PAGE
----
A number of future Scotland internationals have graced the Festival turf for Merchiston Castle School, including Sam Hidalgo-Clyne and Fraser Brown, while Magnus Bradbury is making great strides at Edinburgh. Zach Mercer claimed the Player of the Tournament award in 2014, before going on to help England to the World Rugby U20 Championship in June 2016. Merchiston Castle is far from the only side from outside England to take part in the Festival. Others have included Ireland’s Blackrock College and Wales’ Ysgol Gyfun Glantaf, for whom Jamie Roberts turned out.
Dulwich College won the De La Salle Cup back in 2011, the school’s first trophy on a remarkable run that saw it win three Schools Cups in a row. Josh Ibuanokpe, Beno Obano, and Tommy O’Flaherty have gone on from that side to have professional honours with Harlequins, Bath, and the Ospreys respectively. From previous sides, Sam Twomey and Tim Swiel progressed to excellent careers with Harlequins.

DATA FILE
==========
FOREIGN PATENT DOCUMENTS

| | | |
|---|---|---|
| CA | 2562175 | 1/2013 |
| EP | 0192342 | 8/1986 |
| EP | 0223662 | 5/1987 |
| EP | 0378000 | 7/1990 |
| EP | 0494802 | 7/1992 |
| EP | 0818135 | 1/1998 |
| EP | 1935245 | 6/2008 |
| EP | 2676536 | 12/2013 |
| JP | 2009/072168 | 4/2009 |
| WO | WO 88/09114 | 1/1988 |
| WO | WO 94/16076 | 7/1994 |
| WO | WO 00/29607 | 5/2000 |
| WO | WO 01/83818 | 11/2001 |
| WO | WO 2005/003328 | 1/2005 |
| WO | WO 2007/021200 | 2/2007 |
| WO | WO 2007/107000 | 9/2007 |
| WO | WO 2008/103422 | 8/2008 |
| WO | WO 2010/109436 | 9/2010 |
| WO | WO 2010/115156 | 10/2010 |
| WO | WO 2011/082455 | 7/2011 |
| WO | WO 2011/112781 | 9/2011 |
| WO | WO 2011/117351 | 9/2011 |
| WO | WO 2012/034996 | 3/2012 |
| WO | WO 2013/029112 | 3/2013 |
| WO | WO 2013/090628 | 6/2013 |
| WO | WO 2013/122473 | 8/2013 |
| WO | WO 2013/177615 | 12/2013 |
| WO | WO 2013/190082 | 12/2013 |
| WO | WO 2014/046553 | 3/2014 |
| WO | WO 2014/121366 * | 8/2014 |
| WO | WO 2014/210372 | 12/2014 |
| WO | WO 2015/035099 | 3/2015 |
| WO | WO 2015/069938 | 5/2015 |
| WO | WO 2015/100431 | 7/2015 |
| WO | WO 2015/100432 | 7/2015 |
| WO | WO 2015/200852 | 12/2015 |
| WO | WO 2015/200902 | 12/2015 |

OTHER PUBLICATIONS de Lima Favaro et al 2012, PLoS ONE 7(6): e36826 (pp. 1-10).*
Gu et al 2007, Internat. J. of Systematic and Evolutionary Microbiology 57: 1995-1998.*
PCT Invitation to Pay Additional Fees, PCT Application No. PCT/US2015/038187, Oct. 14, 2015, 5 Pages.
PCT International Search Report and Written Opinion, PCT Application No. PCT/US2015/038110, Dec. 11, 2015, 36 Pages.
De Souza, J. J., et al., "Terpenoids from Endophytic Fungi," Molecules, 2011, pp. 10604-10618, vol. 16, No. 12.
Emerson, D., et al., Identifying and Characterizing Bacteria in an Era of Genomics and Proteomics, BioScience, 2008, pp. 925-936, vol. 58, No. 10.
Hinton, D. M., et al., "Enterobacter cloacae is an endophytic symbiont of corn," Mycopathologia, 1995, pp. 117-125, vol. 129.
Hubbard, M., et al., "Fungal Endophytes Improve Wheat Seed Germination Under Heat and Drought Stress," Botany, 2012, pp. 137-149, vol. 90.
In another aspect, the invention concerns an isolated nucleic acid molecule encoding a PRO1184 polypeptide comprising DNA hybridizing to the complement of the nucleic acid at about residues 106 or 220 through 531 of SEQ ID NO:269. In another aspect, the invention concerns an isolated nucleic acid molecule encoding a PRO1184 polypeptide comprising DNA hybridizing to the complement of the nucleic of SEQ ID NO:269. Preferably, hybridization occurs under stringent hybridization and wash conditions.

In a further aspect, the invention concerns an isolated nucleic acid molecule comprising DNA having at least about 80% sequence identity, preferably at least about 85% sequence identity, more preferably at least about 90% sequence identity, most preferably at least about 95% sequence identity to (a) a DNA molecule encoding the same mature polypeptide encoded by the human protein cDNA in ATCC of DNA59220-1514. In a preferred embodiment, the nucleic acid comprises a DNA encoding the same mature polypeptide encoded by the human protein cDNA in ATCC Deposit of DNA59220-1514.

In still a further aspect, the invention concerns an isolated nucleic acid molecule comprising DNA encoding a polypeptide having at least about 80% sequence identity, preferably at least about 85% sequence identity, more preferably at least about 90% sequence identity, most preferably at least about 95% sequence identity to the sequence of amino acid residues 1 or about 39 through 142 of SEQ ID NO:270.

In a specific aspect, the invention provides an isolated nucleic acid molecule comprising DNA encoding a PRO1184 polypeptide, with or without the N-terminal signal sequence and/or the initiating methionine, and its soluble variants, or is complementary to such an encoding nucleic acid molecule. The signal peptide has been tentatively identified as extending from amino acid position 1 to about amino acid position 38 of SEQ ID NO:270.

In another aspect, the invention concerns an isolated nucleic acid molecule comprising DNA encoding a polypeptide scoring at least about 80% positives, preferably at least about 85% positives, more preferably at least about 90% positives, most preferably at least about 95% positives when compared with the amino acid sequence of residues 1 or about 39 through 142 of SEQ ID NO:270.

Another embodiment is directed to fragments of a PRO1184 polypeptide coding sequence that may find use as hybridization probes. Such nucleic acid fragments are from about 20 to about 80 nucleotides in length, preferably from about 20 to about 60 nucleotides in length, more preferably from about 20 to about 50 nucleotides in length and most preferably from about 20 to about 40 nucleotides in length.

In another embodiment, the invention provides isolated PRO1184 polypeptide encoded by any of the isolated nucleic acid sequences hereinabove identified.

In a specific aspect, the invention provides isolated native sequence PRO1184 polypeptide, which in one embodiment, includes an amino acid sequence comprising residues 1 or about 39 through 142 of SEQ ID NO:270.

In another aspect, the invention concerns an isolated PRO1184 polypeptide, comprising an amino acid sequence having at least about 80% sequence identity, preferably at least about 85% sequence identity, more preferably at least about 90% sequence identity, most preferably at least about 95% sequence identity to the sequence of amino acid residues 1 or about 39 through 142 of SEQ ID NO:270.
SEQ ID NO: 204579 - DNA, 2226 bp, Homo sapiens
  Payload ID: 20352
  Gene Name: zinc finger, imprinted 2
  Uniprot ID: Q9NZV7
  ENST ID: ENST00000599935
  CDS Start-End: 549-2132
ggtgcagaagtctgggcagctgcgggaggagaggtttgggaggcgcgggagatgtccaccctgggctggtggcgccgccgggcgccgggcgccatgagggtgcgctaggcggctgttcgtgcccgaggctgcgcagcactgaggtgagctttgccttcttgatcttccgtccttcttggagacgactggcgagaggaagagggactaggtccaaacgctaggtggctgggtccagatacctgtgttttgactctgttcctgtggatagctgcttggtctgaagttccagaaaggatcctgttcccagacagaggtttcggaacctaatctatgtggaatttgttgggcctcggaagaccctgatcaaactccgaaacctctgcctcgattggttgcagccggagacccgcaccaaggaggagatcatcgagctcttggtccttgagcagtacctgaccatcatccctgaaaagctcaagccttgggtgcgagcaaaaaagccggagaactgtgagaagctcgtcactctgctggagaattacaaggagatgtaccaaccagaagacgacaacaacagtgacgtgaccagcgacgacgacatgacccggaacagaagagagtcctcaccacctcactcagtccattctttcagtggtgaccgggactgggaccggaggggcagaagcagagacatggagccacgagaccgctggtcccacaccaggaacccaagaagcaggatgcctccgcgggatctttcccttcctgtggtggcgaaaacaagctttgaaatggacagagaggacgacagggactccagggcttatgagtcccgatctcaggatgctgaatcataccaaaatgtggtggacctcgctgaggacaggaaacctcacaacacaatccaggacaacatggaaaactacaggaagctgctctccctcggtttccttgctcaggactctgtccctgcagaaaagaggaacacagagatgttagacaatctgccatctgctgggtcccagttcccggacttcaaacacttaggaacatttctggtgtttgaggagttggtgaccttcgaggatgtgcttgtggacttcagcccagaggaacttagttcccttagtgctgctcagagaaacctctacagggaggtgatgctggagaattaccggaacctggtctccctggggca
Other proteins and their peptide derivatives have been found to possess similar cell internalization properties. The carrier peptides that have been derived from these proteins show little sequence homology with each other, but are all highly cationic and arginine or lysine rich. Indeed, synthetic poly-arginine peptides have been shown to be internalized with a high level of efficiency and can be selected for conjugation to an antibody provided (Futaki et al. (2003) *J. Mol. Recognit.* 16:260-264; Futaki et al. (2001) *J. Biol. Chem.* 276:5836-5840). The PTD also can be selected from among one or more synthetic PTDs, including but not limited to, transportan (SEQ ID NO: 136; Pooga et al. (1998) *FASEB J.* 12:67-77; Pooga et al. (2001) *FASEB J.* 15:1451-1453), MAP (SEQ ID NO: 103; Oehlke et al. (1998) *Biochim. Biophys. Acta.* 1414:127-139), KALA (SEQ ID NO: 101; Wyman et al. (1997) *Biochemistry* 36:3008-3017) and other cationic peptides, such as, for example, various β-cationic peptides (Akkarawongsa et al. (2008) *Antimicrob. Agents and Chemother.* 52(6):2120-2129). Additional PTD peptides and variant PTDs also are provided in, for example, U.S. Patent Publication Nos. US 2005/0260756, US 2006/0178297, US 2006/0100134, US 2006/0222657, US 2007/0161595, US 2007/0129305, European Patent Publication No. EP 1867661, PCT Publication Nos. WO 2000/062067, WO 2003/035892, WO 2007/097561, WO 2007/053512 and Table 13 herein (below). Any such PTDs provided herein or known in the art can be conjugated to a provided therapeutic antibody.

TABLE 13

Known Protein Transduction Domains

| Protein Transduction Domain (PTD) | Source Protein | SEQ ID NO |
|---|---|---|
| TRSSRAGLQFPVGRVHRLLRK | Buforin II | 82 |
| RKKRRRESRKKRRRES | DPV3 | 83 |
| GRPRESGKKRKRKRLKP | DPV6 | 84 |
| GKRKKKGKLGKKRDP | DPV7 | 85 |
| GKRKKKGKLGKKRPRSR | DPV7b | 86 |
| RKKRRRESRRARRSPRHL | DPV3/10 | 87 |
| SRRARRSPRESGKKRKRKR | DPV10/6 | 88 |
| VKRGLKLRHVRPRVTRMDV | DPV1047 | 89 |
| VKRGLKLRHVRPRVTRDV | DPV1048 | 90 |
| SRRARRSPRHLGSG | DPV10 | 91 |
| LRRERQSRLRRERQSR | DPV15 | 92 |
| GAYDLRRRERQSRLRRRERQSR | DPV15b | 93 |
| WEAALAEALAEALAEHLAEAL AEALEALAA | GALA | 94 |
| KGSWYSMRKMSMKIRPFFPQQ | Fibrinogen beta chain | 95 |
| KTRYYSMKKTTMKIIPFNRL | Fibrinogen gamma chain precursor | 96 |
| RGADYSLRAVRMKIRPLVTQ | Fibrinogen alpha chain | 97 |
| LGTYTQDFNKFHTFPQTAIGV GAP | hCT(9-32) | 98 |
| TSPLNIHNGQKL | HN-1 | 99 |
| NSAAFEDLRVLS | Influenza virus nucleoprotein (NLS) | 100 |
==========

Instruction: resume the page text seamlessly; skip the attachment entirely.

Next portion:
QEGS Wakefield has one of the great records in schools’ rugby, and the players who have passed through its ranks reflect that. Top of the pile is Mike Tindall, the former England centre and World Cup winner. Tindall represented QEGS from 1995-97, and when he left Ben Woods became the talisman, with the flanker going on to a sterling career at Leicester Tigers. Six QEGS old boys are currently still actively playing, including Newcastle Falcons’ Andrew Forsyth.
St Joseph’s College has also had a huge number of players go on to professional careers - yet for all, the Festival will remain one of their great rugby experiences. The College’s most